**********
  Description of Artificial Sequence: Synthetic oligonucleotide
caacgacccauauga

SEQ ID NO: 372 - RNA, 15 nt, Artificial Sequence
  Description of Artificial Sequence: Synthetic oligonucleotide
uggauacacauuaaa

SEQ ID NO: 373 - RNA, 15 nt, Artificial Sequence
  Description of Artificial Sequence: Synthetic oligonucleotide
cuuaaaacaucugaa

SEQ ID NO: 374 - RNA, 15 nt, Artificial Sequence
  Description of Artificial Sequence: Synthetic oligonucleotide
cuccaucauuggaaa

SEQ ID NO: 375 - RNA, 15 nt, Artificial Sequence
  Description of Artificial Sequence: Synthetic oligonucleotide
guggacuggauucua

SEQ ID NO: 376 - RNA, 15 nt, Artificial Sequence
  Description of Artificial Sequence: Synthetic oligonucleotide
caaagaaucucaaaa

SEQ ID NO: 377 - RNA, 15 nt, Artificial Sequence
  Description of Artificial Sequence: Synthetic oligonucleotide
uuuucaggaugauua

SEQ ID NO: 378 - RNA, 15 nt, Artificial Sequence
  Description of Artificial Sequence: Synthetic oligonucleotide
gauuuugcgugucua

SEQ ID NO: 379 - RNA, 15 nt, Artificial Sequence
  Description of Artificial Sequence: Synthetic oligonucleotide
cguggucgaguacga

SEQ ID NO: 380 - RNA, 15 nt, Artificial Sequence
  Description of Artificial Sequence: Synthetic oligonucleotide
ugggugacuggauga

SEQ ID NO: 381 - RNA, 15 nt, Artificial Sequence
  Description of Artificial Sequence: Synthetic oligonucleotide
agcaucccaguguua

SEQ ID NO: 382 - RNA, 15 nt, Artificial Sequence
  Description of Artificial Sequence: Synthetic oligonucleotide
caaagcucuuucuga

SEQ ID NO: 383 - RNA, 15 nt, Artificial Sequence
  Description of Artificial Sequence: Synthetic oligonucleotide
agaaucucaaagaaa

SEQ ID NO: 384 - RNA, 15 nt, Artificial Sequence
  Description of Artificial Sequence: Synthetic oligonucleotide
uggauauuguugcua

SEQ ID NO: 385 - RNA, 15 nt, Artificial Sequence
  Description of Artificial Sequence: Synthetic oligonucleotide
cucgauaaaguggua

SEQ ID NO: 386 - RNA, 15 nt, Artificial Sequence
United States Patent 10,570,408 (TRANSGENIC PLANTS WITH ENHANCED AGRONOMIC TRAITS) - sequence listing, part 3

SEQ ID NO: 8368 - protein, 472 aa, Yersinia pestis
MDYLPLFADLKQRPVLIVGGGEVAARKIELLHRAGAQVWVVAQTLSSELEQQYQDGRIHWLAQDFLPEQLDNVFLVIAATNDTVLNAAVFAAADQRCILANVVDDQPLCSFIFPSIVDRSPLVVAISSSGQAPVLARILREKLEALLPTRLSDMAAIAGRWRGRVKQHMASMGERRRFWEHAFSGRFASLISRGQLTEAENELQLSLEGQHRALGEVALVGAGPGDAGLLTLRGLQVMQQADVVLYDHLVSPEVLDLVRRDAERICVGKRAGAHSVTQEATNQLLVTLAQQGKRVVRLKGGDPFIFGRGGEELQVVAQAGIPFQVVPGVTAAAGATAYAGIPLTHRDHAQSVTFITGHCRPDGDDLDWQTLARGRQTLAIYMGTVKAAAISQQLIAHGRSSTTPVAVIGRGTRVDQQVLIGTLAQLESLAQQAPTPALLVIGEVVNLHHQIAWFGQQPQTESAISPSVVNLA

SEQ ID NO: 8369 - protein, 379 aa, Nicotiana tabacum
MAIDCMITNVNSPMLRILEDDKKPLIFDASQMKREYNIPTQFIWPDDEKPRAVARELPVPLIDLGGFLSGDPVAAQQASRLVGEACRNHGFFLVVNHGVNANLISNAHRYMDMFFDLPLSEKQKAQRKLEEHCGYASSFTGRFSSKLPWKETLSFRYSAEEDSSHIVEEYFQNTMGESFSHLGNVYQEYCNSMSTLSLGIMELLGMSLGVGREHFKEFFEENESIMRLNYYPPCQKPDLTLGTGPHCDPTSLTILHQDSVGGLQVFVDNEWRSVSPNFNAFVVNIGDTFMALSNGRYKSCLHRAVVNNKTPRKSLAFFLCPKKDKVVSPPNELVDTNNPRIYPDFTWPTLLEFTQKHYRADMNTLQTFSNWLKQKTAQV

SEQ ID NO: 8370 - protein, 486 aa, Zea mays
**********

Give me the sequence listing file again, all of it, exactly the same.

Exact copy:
  Description of Artificial Sequence: Synthetic oligonucleotide
caacgacccauauga

SEQ ID NO: 372 - RNA, 15 nt, Artificial Sequence
  Description of Artificial Sequence: Synthetic oligonucleotide
uggauacacauuaaa

SEQ ID NO: 373 - RNA, 15 nt, Artificial Sequence
  Description of Artificial Sequence: Synthetic oligonucleotide
cuuaaaacaucugaa

SEQ ID NO: 374 - RNA, 15 nt, Artificial Sequence
  Description of Artificial Sequence: Synthetic oligonucleotide
cuccaucauuggaaa

SEQ ID NO: 375 - RNA, 15 nt, Artificial Sequence
  Description of Artificial Sequence: Synthetic oligonucleotide
guggacuggauucua

SEQ ID NO: 376 - RNA, 15 nt, Artificial Sequence
  Description of Artificial Sequence: Synthetic oligonucleotide
caaagaaucucaaaa

SEQ ID NO: 377 - RNA, 15 nt, Artificial Sequence
  Description of Artificial Sequence: Synthetic oligonucleotide
uuuucaggaugauua

SEQ ID NO: 378 - RNA, 15 nt, Artificial Sequence
  Description of Artificial Sequence: Synthetic oligonucleotide
gauuuugcgugucua

SEQ ID NO: 379 - RNA, 15 nt, Artificial Sequence
  Description of Artificial Sequence: Synthetic oligonucleotide
cguggucgaguacga

SEQ ID NO: 380 - RNA, 15 nt, Artificial Sequence
  Description of Artificial Sequence: Synthetic oligonucleotide
ugggugacuggauga

SEQ ID NO: 381 - RNA, 15 nt, Artificial Sequence
  Description of Artificial Sequence: Synthetic oligonucleotide
agcaucccaguguua

SEQ ID NO: 382 - RNA, 15 nt, Artificial Sequence
  Description of Artificial Sequence: Synthetic oligonucleotide
caaagcucuuucuga

SEQ ID NO: 383 - RNA, 15 nt, Artificial Sequence
  Description of Artificial Sequence: Synthetic oligonucleotide
agaaucucaaagaaa

SEQ ID NO: 384 - RNA, 15 nt, Artificial Sequence
  Description of Artificial Sequence: Synthetic oligonucleotide
uggauauuguugcua

SEQ ID NO: 385 - RNA, 15 nt, Artificial Sequence
  Description of Artificial Sequence: Synthetic oligonucleotide
cucgauaaaguggua

SEQ ID NO: 386 - RNA, 15 nt, Artificial Sequence
United States Patent 10,570,408 (TRANSGENIC PLANTS WITH ENHANCED AGRONOMIC TRAITS) - sequence listing, part 3

SEQ ID NO: 8368 - protein, 472 aa, Yersinia pestis
MDYLPLFADLKQRPVLIVGGGEVAARKIELLHRAGAQVWVVAQTLSSELEQQYQDGRIHWLAQDFLPEQLDNVFLVIAATNDTVLNAAVFAAADQRCILANVVDDQPLCSFIFPSIVDRSPLVVAISSSGQAPVLARILREKLEALLPTRLSDMAAIAGRWRGRVKQHMASMGERRRFWEHAFSGRFASLISRGQLTEAENELQLSLEGQHRALGEVALVGAGPGDAGLLTLRGLQVMQQADVVLYDHLVSPEVLDLVRRDAERICVGKRAGAHSVTQEATNQLLVTLAQQGKRVVRLKGGDPFIFGRGGEELQVVAQAGIPFQVVPGVTAAAGATAYAGIPLTHRDHAQSVTFITGHCRPDGDDLDWQTLARGRQTLAIYMGTVKAAAISQQLIAHGRSSTTPVAVIGRGTRVDQQVLIGTLAQLESLAQQAPTPALLVIGEVVNLHHQIAWFGQQPQTESAISPSVVNLA

SEQ ID NO: 8369 - protein, 379 aa, Nicotiana tabacum
MAIDCMITNVNSPMLRILEDDKKPLIFDASQMKREYNIPTQFIWPDDEKPRAVARELPVPLIDLGGFLSGDPVAAQQASRLVGEACRNHGFFLVVNHGVNANLISNAHRYMDMFFDLPLSEKQKAQRKLEEHCGYASSFTGRFSSKLPWKETLSFRYSAEEDSSHIVEEYFQNTMGESFSHLGNVYQEYCNSMSTLSLGIMELLGMSLGVGREHFKEFFEENESIMRLNYYPPCQKPDLTLGTGPHCDPTSLTILHQDSVGGLQVFVDNEWRSVSPNFNAFVVNIGDTFMALSNGRYKSCLHRAVVNNKTPRKSLAFFLCPKKDKVVSPPNELVDTNNPRIYPDFTWPTLLEFTQKHYRADMNTLQTFSNWLKQKTAQV

SEQ ID NO: 8370 - protein, 486 aa, Zea mays